You might want to make new friends for various reasons.
Maybe your relationship just ended, and many of your friends followed your ex. Maybe you just moved to a new neighborhood and don’t know a soul. Maybe you lost your spouse, with whom you happily spent all your free time. Or maybe you just want to broaden your circle and meet new people.
Whatever your reasons, there’s no doubt that meaningful friendships are good for us. “Having solid friendships is important for both our physical health and emotional well-being,” said Irene S. Levine, Ph.D, a psychologist and producer of The Friendship Blog, a popular online advice column on friendship.
For instance, this Australian study found that people with the most friends lived 22 percent longer than those with fewer friends. This study, one of the largest of women’s health, found that less social support boosted the risk of mortality for women with breast cancer. This Chinese study found similar results, along with an increased risk for cancer recurrence.
A 2010 meta-analysis of 148 studies found that people with strong social relationships had a 50 percent greater chance for survival, regardless of their age, sex, initial health status or cause of death.
“Friends help us share our burdens, cheer our successes, and allay our sense of loneliness and anxiety,” Levine said.
Unfortunately, making new friends gets tougher with age. “When we are young, particularly when we are in school, it is very easy to make new friends because everyone is at the same stage of life, doing similar things, with a fair amount of discretionary time.”
When we are older, our lives get more complicated and more responsibilities, both personal and professional, pile up, she said.
In fact, some consider making new friends harder than dating, said Andrea Bonior, Ph.D., a licensed clinical psychologist, and author of the book The Friendship Fix. One reason is that there’s “no clear script.”
It’s also harder to figure out if the other person is interested, she said. And people might stay in multiple bad friendships, disrupting their “ability and energy and time to meet new people.”
Fortunately, while obstacles exist, there are many ways you can find friends. Here are several expert insights and suggestions.
1. Remember that looking for friends at any age is normal.
As people get older, many assume that everyone already has friends, and no one is on the lookout for any more. But that’s not true, Levine said.
“[M]ost friendships are dynamic and don’t last forever. Thus, people need to continually replenish their ‘stock’ of friendships.” Many women visit Levine’s blog concerned about not having enough friendships.
2. Pursue your pastimes and passions.
“The best way to make friends is to be engaged, doing the things you enjoy doing,” Levine said. Following your pastimes and passions – “whether at work or outside work” – increases your chances of “finding kindred spirits who share your interests and values.”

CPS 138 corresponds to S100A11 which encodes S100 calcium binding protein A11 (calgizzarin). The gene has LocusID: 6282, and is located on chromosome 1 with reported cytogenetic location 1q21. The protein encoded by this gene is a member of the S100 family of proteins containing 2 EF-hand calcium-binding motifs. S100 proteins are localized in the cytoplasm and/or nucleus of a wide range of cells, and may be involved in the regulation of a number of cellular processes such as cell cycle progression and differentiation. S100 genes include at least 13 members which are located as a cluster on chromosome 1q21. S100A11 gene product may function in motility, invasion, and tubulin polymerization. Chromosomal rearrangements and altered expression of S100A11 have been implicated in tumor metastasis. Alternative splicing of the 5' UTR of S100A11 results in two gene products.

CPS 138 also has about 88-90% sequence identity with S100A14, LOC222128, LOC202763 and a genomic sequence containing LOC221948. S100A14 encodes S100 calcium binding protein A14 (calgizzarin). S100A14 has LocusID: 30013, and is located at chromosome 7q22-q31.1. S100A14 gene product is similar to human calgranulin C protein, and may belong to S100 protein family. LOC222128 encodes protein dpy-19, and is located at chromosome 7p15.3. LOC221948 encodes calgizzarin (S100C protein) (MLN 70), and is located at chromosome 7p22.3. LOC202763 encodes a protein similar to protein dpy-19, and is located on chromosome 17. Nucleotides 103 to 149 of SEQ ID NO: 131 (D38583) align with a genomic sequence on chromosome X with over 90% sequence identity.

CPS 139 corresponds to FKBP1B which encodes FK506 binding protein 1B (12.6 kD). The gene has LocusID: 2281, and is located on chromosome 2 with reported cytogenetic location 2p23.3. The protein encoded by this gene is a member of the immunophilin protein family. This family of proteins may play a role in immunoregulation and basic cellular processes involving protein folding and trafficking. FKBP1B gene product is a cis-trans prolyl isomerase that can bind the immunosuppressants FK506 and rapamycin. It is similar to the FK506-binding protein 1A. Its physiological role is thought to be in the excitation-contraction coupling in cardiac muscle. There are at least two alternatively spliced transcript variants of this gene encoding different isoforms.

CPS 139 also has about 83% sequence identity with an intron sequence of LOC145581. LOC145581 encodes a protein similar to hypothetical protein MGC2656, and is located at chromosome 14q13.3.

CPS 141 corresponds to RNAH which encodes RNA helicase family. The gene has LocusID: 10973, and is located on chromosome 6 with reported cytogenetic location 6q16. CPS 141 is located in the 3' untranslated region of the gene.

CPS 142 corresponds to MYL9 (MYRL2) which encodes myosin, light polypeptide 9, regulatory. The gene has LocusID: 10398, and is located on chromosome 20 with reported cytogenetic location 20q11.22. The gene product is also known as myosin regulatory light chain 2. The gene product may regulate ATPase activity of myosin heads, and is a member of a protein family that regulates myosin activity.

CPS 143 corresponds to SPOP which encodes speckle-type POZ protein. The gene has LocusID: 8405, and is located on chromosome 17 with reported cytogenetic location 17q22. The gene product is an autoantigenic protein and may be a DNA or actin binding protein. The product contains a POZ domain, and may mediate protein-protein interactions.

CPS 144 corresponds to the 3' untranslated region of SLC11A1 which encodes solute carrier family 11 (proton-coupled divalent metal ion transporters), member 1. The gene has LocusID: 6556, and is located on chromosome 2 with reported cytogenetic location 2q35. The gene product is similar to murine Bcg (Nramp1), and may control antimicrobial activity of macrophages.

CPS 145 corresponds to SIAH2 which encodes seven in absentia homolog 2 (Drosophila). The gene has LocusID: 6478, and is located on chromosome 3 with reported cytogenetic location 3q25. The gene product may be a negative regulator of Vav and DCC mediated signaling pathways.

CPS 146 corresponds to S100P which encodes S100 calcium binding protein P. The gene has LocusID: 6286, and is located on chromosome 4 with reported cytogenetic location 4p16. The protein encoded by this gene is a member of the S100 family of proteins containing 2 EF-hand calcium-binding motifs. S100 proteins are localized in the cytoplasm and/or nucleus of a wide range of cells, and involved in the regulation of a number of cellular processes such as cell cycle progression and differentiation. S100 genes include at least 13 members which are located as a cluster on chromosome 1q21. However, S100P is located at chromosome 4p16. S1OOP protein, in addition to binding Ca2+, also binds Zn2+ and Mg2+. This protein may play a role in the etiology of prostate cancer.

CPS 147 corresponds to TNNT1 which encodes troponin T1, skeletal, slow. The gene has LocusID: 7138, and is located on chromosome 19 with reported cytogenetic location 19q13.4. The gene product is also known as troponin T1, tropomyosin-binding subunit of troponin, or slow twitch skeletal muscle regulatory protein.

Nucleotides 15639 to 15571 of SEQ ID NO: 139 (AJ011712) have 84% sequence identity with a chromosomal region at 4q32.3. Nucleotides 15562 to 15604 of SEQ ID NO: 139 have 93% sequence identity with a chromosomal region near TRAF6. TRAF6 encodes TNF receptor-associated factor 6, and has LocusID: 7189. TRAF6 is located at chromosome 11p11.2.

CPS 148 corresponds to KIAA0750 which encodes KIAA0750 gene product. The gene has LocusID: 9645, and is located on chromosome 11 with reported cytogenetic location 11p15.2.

3. Put yourself in situations where you see the same people, over and over.
If you see the same individual every day or every week, superficial relationships can become real friendships, Levine said. “Often familiarity and being casual acquaintances are breeding ground for making new friendships.”
Bonior also suggested reaching out to acquaintances. “Start conversations with acquaintances and follow up with them, to keep things going and let them know you’re interested in their lives.”
So what are good situations for finding friends? Try the gym; take adult education classes; or join a club, political group or volunteer organization, Levine said.
4. Take your search online.
The Internet isn’t just helpful for finding love. It’s also helpful for finding friends. Bonior suggested visiting www.girlfriendcircles.com, an online community that connects women with new friends.
If you’re in a larger city, try www.meetup.com, which lists groups and activities based on different interests, “from athletics to book clubs to cooking to gardening to pets to knitting to films to volunteer work.” It gives people the opportunity to get together offline.
She also suggested joining listservs within your neighborhood or apartment building.
5. Temper your expectations.
Keep in mind that not every attempt at friendship will work out, Bonior said. In fact, it’s “totally expectable and even healthy” to experience some misses. As she said, “Would you expect to marry the first person you ever dated?”
6. Take things slowly.
Remember that friendships blossom over time. “Close friendships take time to nurture with each individual slowly sharing intimacies with each other,” Levine said.
Making new friends can feel awkward and even intimidating. But try to push past the initial discomfort. Making new friends is an “opportunity to build new relationships that are good fits for you,” Bonior said.
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Last reviewed: By John M. Grohol, Psy.D. on 24 Jul 2013
Published on PsychCentral.com. All rights reserved.
Tartakovsky, M. (2013). A Short & Simple Guide to Finding Friends. Psych Central. Retrieved on September 17, 2014, from http://psychcentral.com/blog/archives/2013/07/31/a-short-simple-guide-to-finding-friends/